Apple Improves App Store Review Process Feedback

| News

iPhone and iPod touch application developers are finally getting a little more feedback from Apple on their status in the App Store review process. Instead of simply being told the average time from submission to approval, developers can now see when their app is being reviewed and when it is approved, according to Wired.

The new online system shows developers the date and time their application was tagged as waiting for review, when it entered the review process, and when it was ready for sale.

Oliver Cameron, developer of the Postman app, commented "It's the coolest new feature they've added [for developers], in my opinion."

The new feature addresses one of the complaints developers have had with the App Store review process by giving them more information about their app's status. Another complaint that is still causing headaches for developers is the apparent lack of consistency in the standards for approving applications.

Apple, for example, recently rejected an application that listed information for the members of the U.S. Congress because the images for each person were caricature drawings. According to Apple, the application "ridicules public figures."

An application called Baby Shaker that promoted shaking babies to stop them from crying was approved. That app was, however, later pulled from the App Store.

Adding app review status information is a step towards making developers happy, but doesn't go all the way towards addressing their complaints. Considering Apple's obsession with tight control over everything it touches, odds are it will be some time before developers feel all of their complaints have been adequately handled.

Sign Up for the Newsletter

Join the TMO Express Daily Newsletter to get the latest Mac headlines in your e-mail every weekday.

5 Comments Leave Your Own

Jeff Gamet

There are plenty of frustrated iPhone developers out there, so it’s nice to see Apple responding to some of their complaints. Hopefully Apple will continue to improved the App Store approval process so we’ll hear about fewer unwarranted app rejections.

Bosco (Brad Hutchings)

Why do you think that problem will go away Jeff? The standards are completely arbitrary. I’m still pissed off that the South Park app was rejected. After reading about the caricature app today, I’m considering a self-imposed freeze on buying from iTunes store or the app store for the remainder of the year.

You know, this is really tip of the iceberg stuff for me. I’ve spent the last week evaluating whether Apple TV might make a decent appliance device for an application we’re developing. At $225/unit, Apple could make a lot of jack and expand their market for the hobby device if it were possible for us (and developers like us) to either (a) install a Mac app on it and run in full screen mode or (b) install Linux on it. What I’ve concluded is that while some hackers have done this (XBMC and Boxee), it would be a horribly expensive course for us to pursue. The Linux option would be worse than horrible as I’d have put a full time Linux configuration guy on staff. We’re looking at an Asus box with HDMI and XP Pro that is $199 at Amazon. There’s $225/unit that Apple has left on the table.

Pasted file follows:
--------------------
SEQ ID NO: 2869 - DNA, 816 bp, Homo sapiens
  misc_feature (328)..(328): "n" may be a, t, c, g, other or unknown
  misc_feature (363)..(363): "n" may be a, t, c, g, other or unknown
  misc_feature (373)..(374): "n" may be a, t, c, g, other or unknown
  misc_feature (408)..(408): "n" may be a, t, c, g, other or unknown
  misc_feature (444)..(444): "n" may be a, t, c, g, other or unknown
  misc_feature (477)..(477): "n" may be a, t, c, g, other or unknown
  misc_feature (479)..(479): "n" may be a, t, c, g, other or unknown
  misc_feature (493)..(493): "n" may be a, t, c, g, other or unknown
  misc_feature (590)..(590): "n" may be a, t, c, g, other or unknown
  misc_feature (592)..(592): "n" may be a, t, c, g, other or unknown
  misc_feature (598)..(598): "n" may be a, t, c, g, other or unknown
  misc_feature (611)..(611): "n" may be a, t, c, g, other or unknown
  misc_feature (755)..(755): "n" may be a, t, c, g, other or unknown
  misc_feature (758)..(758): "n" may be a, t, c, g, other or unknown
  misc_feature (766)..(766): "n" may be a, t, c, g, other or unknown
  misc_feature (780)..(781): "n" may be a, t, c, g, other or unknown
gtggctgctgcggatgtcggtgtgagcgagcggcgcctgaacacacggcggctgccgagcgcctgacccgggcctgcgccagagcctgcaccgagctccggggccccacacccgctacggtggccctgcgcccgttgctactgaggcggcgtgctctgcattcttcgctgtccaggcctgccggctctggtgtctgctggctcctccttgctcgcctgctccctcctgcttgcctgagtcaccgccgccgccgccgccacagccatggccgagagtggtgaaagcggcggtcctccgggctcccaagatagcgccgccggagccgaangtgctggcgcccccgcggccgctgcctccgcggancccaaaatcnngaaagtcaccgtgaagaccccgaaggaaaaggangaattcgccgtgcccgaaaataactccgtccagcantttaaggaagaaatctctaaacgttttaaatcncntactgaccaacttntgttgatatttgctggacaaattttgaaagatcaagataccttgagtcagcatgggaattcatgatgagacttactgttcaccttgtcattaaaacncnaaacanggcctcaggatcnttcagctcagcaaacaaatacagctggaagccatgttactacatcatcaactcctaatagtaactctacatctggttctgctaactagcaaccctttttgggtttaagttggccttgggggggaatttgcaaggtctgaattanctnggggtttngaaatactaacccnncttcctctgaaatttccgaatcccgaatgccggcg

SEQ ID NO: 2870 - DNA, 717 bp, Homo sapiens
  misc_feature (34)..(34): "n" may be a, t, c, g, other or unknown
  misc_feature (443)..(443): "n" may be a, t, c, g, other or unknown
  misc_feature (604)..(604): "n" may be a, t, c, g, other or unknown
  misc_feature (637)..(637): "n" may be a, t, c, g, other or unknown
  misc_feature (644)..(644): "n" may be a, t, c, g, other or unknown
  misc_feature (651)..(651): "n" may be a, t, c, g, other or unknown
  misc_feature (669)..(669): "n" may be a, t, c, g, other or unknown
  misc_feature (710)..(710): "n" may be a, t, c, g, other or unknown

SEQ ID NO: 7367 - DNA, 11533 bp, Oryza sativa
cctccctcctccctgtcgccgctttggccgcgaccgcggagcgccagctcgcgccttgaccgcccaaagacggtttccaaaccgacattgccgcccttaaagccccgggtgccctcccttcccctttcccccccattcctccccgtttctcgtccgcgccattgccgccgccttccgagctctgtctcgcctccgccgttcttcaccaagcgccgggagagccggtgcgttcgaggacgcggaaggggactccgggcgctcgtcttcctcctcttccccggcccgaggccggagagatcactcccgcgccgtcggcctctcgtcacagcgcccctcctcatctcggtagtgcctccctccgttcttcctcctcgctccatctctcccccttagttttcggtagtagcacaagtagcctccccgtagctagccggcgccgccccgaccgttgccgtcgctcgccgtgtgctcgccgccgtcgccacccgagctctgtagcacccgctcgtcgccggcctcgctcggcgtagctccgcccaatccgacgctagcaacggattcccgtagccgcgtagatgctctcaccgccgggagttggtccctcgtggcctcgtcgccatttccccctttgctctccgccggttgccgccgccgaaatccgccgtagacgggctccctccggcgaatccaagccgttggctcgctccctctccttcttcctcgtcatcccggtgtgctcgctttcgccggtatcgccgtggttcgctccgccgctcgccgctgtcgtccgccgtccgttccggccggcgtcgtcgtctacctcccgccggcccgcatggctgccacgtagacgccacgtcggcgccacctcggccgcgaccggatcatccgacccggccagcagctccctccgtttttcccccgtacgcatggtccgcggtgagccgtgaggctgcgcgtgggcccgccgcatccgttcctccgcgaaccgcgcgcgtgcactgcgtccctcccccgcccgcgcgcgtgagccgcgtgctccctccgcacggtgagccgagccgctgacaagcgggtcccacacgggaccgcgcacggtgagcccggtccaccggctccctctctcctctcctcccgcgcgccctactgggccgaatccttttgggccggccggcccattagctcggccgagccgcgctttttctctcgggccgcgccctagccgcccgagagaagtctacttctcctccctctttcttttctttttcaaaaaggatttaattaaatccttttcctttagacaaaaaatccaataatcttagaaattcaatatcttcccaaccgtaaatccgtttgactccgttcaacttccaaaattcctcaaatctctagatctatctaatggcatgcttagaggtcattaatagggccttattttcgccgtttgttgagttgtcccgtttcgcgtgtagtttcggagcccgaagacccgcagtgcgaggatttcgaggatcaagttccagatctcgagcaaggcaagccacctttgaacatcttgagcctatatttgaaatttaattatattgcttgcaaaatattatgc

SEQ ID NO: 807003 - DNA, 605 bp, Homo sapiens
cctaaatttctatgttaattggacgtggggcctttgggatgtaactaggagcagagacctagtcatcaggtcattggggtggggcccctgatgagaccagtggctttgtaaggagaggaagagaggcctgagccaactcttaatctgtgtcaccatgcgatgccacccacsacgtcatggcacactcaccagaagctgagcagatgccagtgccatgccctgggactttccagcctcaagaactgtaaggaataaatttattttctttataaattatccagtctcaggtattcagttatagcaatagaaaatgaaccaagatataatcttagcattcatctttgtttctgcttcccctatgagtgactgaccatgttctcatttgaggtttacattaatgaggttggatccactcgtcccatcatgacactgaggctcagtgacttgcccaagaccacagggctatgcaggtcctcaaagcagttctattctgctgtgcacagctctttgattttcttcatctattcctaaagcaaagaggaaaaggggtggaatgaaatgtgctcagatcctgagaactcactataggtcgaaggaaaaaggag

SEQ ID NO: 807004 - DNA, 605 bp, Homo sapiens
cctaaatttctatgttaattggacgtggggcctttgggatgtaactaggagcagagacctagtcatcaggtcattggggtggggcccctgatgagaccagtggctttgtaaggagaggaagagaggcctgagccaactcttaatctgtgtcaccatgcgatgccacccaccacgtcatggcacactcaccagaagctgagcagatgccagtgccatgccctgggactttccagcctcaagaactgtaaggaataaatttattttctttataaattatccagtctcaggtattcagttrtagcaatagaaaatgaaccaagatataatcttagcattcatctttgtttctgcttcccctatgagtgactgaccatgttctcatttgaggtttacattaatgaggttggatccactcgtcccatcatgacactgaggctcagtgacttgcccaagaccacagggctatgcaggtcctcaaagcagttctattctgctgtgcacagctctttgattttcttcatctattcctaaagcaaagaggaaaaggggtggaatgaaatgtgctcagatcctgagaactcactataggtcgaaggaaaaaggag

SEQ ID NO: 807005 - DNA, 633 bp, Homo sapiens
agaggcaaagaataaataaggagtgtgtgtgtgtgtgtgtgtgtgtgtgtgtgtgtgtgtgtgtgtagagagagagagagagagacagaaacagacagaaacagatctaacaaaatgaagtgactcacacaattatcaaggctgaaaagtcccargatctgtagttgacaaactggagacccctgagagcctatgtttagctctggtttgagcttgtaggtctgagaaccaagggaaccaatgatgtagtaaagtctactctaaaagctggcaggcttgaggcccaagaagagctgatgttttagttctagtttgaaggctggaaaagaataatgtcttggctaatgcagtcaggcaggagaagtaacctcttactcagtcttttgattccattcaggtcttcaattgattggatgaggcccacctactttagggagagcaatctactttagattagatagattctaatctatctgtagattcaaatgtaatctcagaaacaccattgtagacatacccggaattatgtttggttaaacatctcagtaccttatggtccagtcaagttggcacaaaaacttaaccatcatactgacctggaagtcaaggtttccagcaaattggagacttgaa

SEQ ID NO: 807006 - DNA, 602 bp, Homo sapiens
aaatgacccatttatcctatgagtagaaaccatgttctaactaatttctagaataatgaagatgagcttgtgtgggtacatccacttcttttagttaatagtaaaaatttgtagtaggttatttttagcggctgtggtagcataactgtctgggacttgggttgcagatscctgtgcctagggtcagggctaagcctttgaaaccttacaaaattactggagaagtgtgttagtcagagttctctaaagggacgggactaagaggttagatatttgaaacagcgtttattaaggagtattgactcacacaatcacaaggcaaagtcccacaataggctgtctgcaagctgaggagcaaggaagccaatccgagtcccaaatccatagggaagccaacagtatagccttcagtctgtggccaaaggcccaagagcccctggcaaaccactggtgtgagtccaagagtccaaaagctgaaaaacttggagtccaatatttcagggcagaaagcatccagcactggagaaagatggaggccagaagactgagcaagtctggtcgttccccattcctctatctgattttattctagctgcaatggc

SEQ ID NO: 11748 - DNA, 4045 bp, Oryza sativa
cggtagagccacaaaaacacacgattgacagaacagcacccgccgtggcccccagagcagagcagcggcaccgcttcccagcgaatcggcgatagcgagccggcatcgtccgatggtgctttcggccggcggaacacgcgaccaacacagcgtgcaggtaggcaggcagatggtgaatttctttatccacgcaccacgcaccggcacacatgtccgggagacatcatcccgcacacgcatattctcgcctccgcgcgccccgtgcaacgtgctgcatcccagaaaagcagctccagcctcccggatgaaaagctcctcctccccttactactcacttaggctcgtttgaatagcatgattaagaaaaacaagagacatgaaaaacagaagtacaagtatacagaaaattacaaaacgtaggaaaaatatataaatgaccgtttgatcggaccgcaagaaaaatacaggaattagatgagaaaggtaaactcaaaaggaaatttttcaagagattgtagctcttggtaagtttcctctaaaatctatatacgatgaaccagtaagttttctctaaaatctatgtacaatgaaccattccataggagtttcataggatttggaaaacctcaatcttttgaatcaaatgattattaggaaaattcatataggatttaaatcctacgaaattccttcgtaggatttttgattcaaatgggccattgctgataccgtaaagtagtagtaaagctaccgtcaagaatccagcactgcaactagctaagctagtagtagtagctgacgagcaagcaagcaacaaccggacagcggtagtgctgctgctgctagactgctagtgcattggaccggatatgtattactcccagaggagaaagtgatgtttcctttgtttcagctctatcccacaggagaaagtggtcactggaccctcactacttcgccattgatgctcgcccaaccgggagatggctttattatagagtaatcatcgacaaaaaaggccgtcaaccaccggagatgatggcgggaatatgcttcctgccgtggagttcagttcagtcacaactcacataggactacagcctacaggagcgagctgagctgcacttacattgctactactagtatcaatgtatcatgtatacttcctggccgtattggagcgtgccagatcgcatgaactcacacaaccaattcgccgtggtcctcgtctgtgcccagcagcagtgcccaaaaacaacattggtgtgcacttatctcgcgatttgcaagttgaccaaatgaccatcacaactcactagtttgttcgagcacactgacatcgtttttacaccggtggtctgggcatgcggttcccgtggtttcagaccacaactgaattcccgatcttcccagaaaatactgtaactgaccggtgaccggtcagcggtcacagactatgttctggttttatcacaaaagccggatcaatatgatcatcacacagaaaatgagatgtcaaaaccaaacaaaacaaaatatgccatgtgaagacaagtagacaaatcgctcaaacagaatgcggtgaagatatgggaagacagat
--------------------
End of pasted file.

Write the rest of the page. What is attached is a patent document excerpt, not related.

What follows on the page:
What floors me is that Apple goes the extra mile to protect ghosts it thinks it sees. The business case doesn’t make any sense. Apple would profit as much by selling 4 iWorks in place of each Mac it sells. Meanwhile, generic devices get cheaper with better form factors and XP Pro is more than adequate for full screen apps. Apple just loses out.

Bosco (Brad Hutchings)

And the piling on continues… Joe Hewitt (developer of the super cool Facebook app) is telling Apple which orifice to put its App Store approval policies in. Hint: the orifice rhymes with “putt pole”.

If you love your iPhone and care about Apple, there has never been a better time to be critical of Apple’s BS. The people leading the charge aren’t nutbag whiners, nor are they “information wants to be free” types. They recognize that the way Apple inserts itself between developers and customers doesn’t help anyone and will ultimately hurt Apple. The complaints with the App Store have never been about the specifics of how Apple manages it, but the fact that Apple cannot help being Draconian because the App Store is the only sanctioned way to get native apps onto the iPhone! To the users out there… Get off your butts now and make your voices heard. Because if Android takes off and there’s no enforced middleman between developers and users, the iPhone will have 100,000 aging apps and the interesting stuff will happen in Android space.

computerbandgeek

If you love your iPhone and care about Apple, there has never been a better time to be critical of Apple?s BS.

I recommend using 1Password to set up simple, 1-click bitching to apple. For example, on a daily basis I click one button and automatically fill out the feedback form to Apple with this message:

“Why is it that I STILL cannot use Google Voice properly with my iPhone? The software was nicely given to Apple by Google, and Apple has claimed that it is “still reviewing” the app. It has been several months now, and Apple still hasn’t produced an answer for its users. Such an app would NOT reproduce functions already in the phone, and they are functions that I really need to use my phone the way I want to. If I am not able to use Google Voice on my iPhone by the end of the year, I will take my business to a phone that runs Google’s UNCENSORED phone OS.”

edgardro

From my own experience 1 time in review was 24 days, then fix some issues and send it back. 8 days more. Even when my app have some good models pictures. didn’t took that long.

http://itunes.apple.com/us/app/sexy-times/id334181566?mt=8

Log-in to comment